This year’s edition, which runs Friday through Sunday and April 21-23 at the Empire Polo Club in Indio, will be headlined by Radiohead, Kendrick Lamar and Lady Gaga (who replaces the very pregnant Beyoncé). The lineup also includes Lorde, Future, Thundercat, Bon Iver, San Diego-bred DJ Gaslamp Killer and such young buzz acts as Holland’s Klangstof, Australia’s King Gizzard & The Lizard Wizard, the all-woman Spanish band Hinds, feminist American music duo Tennis and Haitian-born EDM favorite Kaytranada.
Last year’s edition of Coachella drew a capacity daily audience of just under 100,000 to each of the annual music, food, drink and visual art marathon’s consecutive, three-day weekends. The gross was a reported $94.2 million, up from $84 million in 2015. And, once again, approximately 20 percent of the attendees came from San Diego County.
By comparison, the debut edition of Coachella in 1999 attracted only 27,000 people over two days. It lost nearly $1 million and went dark in 2000. The festival resumed in 2001, but only after concert industry giant AEG partnered with the previously independently owned Goldenvoice, which could no longer afford to produce the festival on its own.
By 2007, Coachella had grown so popular that it was expanded to three days. In 2012, the festival added a second weekend. It, too, sold out in the blink of an eye.
Last year, the Indio City Council voted unanimously to approve a daily increase in attendance at Coachella from 99,000 to 125,000. A third outdoor stage may be in the offing, which would bring the total at the festival to three outdoor and five tented indoor stages, plus several smaller performance areas.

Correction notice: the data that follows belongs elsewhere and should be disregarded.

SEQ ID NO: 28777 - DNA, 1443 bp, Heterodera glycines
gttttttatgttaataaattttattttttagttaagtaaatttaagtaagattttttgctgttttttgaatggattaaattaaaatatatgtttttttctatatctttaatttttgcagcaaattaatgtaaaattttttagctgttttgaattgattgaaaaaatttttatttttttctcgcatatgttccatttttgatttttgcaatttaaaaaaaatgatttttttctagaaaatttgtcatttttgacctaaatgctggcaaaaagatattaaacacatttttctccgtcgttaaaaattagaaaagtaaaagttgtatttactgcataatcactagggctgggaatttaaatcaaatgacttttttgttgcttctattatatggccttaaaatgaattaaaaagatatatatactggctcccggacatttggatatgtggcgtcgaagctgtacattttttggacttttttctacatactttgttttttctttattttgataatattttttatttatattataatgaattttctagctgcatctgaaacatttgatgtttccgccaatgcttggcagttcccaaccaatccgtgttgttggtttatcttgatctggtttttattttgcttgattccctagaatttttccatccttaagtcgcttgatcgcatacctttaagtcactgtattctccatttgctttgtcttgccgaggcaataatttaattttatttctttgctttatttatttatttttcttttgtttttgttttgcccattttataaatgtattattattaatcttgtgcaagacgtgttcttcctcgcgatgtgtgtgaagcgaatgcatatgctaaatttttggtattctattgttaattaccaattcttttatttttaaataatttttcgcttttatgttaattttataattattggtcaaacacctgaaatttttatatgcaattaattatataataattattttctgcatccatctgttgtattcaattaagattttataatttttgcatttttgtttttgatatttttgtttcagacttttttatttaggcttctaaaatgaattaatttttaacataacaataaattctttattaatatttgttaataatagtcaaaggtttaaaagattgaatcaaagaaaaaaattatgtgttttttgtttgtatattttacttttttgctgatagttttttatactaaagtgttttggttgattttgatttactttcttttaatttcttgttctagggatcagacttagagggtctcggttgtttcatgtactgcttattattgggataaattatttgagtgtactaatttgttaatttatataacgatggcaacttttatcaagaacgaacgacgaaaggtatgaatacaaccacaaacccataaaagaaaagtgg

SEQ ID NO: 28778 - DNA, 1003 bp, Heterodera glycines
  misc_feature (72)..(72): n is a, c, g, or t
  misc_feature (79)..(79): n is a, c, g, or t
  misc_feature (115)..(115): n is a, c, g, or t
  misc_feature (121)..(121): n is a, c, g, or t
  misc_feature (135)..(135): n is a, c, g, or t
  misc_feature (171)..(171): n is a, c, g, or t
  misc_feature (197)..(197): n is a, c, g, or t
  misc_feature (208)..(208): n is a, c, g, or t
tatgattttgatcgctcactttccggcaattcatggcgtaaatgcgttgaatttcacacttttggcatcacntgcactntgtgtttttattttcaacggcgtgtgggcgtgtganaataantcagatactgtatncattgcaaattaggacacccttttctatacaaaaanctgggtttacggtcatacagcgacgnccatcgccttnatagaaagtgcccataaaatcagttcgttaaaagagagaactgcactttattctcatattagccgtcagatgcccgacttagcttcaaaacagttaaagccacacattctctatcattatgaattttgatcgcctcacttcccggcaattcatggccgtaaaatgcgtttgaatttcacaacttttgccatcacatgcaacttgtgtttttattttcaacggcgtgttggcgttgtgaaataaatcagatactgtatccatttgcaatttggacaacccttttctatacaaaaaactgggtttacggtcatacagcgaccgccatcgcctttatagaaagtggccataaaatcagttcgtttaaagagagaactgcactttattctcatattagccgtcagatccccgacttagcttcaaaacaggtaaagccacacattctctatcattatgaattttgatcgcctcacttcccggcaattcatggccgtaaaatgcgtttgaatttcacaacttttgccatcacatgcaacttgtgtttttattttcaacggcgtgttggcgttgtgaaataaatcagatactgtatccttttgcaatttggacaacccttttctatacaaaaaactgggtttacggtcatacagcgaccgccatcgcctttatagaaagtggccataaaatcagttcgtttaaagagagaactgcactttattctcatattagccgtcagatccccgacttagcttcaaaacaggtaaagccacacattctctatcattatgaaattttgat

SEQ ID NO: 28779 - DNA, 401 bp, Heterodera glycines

As has been the case for much of the past decade, Coachella again sold out in an instant this year, with many of the tickets being sold before any of the performers had even been announced.
Yet, while Coachella used to be all about the music, the festival’s success has changed that equation. Now, thanks to its immense popularity, Coachella has become a mass party in the desert whose appeal is so great that the event itself supersedes the music.
2017 Coachella Valley Music & Arts Festival
When: Friday through Sunday, and April 21-23
Where: Empire Polo Club, 81800 Avenue 51, Indio
Tickets: Sold out. A limited number of Outstanding in the Field gourmet dinner packages are available. They include a three-day festival pass and one dinner, and cost $624 (general admission) and $1,124 (VIP package) per person.
“People go for the event,” said Gary Bongiovanni, the publisher of Pollstar, the concert industry’s leading weekly publication.
No Doubt bassist Tony Kanal agreed.
“I think Coachella has always had the right kind of vibe and attitude, and has always felt like a really well-done festival,” said Kanal, who performs at the festival with his new band, Dreamcar, this weekend and next weekend.
“(Coachella mastermind) Paul Tollett has done such an incredible job. He makes it really easy and fun for the people attending, and there’s a lot of care paid to all the details. That’s why it has become a rite of passage.”